In the pre-dynastic era, the area was inhabited since Paleolithic times. Some archeological sites date back several thousand years. The beginning of the Vietnamese population began in the early Bronze Age around 2000 to 1400 years BCE. Rice cultivation was later developed and the Dong Son culture was developed which was notable for its bronze drums. Many small copper mines have been found in North Vietnam.
The Hong Bang Dynasty is considered to be the first Vietnamese state, called Van Lang. In 111 BCE, the Chinese consolidated the Vietnamese into the Han Dynasty and ruled Vietnam for the next thousand years. By the early 10th century, Vietnam had gained autonomy over China by the Khuc family. In 938 CE, a Vietnamese lord Ngo Quyen defeated Chinese forces to gain independence. The Vietnamese were ruled under several dynasties.
Vietnam’s independence ended in the mid-1800s when the country was colonized by the French. The French administration imposed a Western-style of education and Christianity was introduced. A plantation economy was started to promote the export of tobacco, tea and coffee. There was increasing call for autonomy from the French who maintained control of the colonies until WWII.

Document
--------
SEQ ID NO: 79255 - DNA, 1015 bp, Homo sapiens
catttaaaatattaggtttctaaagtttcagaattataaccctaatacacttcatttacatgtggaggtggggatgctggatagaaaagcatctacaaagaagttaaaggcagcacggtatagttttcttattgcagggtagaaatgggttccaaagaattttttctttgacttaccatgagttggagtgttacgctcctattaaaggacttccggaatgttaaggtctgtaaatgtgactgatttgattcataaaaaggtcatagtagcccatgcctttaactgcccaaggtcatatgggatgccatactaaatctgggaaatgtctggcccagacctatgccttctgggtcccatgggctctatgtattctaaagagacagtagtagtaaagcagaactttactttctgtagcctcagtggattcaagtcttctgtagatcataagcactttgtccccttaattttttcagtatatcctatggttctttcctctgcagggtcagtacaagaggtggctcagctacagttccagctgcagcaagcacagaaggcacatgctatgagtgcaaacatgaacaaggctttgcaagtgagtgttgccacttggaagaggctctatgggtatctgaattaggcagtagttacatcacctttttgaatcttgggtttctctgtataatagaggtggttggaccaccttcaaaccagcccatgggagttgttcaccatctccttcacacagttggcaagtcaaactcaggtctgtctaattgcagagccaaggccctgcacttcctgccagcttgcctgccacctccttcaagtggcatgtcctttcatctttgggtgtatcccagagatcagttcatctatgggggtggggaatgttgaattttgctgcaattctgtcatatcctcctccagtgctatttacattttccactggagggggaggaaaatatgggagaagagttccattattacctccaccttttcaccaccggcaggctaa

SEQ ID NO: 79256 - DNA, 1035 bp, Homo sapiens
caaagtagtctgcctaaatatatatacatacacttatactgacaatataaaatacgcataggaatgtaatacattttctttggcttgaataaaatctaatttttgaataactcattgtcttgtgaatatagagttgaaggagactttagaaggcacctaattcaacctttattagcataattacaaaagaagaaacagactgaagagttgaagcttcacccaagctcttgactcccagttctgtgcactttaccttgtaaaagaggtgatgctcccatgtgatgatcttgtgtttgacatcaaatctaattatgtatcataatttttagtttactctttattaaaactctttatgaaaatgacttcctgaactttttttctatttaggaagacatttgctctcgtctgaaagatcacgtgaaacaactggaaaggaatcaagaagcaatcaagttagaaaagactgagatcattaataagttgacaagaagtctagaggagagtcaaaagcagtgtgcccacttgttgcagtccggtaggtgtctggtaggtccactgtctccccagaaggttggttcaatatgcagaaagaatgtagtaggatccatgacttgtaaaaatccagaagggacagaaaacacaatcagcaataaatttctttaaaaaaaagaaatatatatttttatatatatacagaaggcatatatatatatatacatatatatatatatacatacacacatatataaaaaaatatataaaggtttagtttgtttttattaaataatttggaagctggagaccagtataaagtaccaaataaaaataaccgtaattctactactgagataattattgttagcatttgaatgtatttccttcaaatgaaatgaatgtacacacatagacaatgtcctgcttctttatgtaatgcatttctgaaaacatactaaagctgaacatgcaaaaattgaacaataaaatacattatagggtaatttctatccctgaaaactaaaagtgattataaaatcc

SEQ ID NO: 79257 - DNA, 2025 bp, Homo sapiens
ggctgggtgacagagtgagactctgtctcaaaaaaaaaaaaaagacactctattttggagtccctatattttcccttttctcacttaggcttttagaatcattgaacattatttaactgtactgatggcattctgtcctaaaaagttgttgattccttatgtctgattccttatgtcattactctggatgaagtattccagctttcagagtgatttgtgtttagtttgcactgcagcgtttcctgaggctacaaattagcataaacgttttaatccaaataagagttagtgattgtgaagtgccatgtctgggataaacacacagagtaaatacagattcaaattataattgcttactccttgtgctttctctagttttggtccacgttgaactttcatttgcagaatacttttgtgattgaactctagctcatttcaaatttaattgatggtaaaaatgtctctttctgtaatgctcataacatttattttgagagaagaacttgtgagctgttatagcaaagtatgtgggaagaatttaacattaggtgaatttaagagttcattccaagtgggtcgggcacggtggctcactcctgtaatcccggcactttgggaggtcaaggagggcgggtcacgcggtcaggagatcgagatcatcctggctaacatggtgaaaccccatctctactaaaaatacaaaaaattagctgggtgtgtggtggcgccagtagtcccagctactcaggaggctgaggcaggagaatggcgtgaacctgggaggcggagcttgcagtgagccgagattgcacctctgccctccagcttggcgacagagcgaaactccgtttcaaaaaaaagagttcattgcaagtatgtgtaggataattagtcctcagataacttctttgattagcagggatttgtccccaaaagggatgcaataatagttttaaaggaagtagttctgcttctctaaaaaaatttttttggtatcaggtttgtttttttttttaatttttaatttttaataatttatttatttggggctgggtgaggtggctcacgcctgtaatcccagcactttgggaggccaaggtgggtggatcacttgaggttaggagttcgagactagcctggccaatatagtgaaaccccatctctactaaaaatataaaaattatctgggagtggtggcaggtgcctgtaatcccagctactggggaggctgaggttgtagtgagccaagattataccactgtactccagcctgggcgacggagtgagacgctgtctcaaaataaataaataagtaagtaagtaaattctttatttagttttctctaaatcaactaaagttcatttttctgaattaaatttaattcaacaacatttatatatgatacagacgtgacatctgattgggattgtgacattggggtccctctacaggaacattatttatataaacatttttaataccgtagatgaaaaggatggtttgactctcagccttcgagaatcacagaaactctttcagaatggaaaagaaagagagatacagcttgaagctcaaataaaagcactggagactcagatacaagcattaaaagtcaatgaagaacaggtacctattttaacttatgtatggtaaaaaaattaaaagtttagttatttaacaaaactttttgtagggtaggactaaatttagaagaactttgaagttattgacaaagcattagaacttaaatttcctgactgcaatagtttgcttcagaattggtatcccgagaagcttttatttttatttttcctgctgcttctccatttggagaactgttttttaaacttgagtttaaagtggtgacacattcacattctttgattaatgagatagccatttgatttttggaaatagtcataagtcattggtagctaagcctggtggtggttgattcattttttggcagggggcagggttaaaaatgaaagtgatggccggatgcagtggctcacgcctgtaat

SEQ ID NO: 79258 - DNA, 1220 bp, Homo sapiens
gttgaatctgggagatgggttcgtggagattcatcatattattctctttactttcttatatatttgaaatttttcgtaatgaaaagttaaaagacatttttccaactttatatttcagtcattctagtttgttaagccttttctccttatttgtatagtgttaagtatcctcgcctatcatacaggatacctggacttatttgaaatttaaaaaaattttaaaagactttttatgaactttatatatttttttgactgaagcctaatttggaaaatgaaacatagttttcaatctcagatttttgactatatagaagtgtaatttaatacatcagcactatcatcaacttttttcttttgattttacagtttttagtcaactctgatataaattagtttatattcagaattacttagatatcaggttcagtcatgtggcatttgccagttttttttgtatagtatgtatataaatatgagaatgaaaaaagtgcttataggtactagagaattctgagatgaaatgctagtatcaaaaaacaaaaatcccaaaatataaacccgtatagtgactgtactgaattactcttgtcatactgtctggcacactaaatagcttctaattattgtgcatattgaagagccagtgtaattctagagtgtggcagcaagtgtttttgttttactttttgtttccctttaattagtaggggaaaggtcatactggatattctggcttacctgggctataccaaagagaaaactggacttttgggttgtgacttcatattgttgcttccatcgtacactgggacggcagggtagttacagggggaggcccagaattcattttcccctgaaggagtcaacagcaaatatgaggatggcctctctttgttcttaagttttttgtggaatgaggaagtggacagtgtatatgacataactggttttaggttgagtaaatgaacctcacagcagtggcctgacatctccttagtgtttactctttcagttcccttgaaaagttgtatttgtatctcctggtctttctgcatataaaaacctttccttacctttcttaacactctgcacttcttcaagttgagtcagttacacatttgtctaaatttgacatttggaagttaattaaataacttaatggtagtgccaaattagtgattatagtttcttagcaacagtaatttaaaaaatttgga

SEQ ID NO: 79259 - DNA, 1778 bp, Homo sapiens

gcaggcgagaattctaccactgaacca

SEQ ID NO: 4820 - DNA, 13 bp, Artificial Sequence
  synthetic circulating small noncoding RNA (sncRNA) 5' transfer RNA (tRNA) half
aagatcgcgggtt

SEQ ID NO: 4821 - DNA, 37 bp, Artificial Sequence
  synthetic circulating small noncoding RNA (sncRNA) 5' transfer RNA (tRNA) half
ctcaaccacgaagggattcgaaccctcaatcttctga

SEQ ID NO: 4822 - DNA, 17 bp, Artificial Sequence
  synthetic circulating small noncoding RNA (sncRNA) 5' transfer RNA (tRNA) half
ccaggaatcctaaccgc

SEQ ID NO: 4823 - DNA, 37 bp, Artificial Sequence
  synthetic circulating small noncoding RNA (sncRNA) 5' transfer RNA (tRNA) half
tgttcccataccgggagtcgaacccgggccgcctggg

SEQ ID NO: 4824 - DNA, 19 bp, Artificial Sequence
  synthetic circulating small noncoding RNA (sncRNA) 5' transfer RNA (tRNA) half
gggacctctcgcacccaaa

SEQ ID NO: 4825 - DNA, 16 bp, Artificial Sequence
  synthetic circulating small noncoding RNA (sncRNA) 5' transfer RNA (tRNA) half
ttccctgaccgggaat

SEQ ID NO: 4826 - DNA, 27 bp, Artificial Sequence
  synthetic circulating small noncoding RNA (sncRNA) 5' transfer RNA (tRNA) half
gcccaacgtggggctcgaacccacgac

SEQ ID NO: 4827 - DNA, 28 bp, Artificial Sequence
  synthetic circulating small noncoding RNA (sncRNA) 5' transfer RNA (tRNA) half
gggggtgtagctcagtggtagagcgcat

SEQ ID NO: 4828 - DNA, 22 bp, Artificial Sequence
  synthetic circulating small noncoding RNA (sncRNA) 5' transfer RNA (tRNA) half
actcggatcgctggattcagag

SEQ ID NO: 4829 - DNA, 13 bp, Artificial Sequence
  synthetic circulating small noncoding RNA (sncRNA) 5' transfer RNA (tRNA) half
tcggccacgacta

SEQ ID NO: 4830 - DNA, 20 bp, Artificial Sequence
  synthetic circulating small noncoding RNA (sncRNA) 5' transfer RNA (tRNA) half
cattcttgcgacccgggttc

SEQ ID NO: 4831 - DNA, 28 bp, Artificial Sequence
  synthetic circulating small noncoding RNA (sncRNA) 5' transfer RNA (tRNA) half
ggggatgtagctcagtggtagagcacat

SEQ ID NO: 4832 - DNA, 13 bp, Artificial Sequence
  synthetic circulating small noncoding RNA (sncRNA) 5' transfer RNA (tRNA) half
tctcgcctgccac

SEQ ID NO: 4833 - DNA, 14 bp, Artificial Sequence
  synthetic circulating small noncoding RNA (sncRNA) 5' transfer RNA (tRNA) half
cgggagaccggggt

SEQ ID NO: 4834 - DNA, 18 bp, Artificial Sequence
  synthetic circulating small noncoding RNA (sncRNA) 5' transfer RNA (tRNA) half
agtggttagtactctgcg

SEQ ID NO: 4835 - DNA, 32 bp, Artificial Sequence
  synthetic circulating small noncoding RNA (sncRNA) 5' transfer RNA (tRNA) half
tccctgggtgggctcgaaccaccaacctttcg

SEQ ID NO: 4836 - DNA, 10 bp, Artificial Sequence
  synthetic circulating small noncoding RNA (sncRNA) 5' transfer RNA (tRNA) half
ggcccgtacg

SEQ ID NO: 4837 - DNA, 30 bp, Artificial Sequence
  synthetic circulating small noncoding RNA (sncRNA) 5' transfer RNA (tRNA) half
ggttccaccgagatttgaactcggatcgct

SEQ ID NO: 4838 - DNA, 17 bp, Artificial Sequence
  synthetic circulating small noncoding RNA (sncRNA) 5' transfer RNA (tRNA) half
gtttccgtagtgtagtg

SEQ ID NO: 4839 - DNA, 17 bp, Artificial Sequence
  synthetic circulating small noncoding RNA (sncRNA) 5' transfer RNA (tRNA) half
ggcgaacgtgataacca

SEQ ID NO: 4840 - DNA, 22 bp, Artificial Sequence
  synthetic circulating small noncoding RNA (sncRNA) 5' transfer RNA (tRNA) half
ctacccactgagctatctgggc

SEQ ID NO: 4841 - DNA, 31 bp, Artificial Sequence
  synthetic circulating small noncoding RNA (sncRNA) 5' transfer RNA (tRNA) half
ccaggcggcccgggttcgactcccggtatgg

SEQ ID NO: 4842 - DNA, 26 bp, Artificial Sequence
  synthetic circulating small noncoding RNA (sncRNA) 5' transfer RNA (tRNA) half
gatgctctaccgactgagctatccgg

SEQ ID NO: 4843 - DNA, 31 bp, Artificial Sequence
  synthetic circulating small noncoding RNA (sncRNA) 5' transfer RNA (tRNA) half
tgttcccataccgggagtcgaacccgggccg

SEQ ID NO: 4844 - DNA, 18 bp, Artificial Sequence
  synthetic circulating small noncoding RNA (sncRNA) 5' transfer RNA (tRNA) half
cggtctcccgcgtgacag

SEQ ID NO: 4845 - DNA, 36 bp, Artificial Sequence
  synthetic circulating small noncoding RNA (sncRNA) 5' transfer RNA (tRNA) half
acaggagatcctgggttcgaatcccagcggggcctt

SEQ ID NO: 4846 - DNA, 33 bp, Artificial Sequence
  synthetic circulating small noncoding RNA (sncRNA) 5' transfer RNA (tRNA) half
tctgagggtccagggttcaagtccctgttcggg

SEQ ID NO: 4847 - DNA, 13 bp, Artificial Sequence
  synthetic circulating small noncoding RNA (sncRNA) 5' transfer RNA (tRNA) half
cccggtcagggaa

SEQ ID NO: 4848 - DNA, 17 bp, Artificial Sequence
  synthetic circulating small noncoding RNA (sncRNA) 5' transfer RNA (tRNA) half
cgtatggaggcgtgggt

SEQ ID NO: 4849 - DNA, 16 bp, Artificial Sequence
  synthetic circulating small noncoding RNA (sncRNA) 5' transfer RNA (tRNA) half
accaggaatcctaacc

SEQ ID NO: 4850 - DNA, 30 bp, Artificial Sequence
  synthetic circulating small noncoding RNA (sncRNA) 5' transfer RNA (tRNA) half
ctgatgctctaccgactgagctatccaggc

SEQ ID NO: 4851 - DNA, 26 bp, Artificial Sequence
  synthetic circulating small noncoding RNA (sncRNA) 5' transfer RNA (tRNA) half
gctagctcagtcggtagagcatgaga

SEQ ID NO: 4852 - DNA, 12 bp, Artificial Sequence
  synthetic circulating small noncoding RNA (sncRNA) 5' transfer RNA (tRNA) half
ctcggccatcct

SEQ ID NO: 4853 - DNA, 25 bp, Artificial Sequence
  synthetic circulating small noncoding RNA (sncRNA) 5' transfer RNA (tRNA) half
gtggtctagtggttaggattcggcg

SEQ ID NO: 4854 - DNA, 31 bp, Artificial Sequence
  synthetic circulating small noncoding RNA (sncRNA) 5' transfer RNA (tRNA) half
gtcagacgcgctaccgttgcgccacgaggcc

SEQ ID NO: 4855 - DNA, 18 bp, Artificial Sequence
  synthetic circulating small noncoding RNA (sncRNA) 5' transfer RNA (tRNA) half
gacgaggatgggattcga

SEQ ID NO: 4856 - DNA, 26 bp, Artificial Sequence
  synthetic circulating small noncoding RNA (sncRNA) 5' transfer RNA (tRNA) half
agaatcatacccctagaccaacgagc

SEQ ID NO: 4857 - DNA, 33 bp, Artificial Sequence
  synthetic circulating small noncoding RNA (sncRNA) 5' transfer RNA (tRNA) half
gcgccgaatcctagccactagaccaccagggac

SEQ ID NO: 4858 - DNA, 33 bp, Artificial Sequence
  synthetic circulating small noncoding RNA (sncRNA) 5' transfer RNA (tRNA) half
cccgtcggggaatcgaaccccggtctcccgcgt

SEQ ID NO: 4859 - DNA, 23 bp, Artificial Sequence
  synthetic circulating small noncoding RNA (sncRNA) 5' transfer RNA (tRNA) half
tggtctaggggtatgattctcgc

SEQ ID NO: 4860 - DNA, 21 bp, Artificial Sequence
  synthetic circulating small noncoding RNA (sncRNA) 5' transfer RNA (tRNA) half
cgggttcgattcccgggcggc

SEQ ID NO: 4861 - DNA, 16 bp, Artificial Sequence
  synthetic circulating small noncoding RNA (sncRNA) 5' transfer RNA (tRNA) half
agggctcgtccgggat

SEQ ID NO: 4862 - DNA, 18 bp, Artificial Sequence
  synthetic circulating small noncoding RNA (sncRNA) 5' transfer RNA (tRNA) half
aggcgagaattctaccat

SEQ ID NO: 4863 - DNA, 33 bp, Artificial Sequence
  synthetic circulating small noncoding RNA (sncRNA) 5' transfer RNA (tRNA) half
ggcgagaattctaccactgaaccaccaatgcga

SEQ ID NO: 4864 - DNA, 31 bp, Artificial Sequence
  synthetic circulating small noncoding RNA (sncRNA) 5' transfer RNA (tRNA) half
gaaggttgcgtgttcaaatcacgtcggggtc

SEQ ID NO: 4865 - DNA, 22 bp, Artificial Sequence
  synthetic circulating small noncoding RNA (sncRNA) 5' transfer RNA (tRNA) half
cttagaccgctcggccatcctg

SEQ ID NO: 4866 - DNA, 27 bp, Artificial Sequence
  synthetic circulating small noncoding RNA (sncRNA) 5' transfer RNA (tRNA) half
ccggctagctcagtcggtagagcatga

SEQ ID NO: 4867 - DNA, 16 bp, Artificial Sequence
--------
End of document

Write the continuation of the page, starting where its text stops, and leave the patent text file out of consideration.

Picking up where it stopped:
In 1941, Viet Minh sought independence for Vietnam and established a provisional government in 1945. This triggered the first Indochina War, lasting until 1954. According to the Geneva Agreements, the country was divided at the 17th parallel into North and South Vietnam. It was intended to be temporary, pending an election in 1956 that never took place.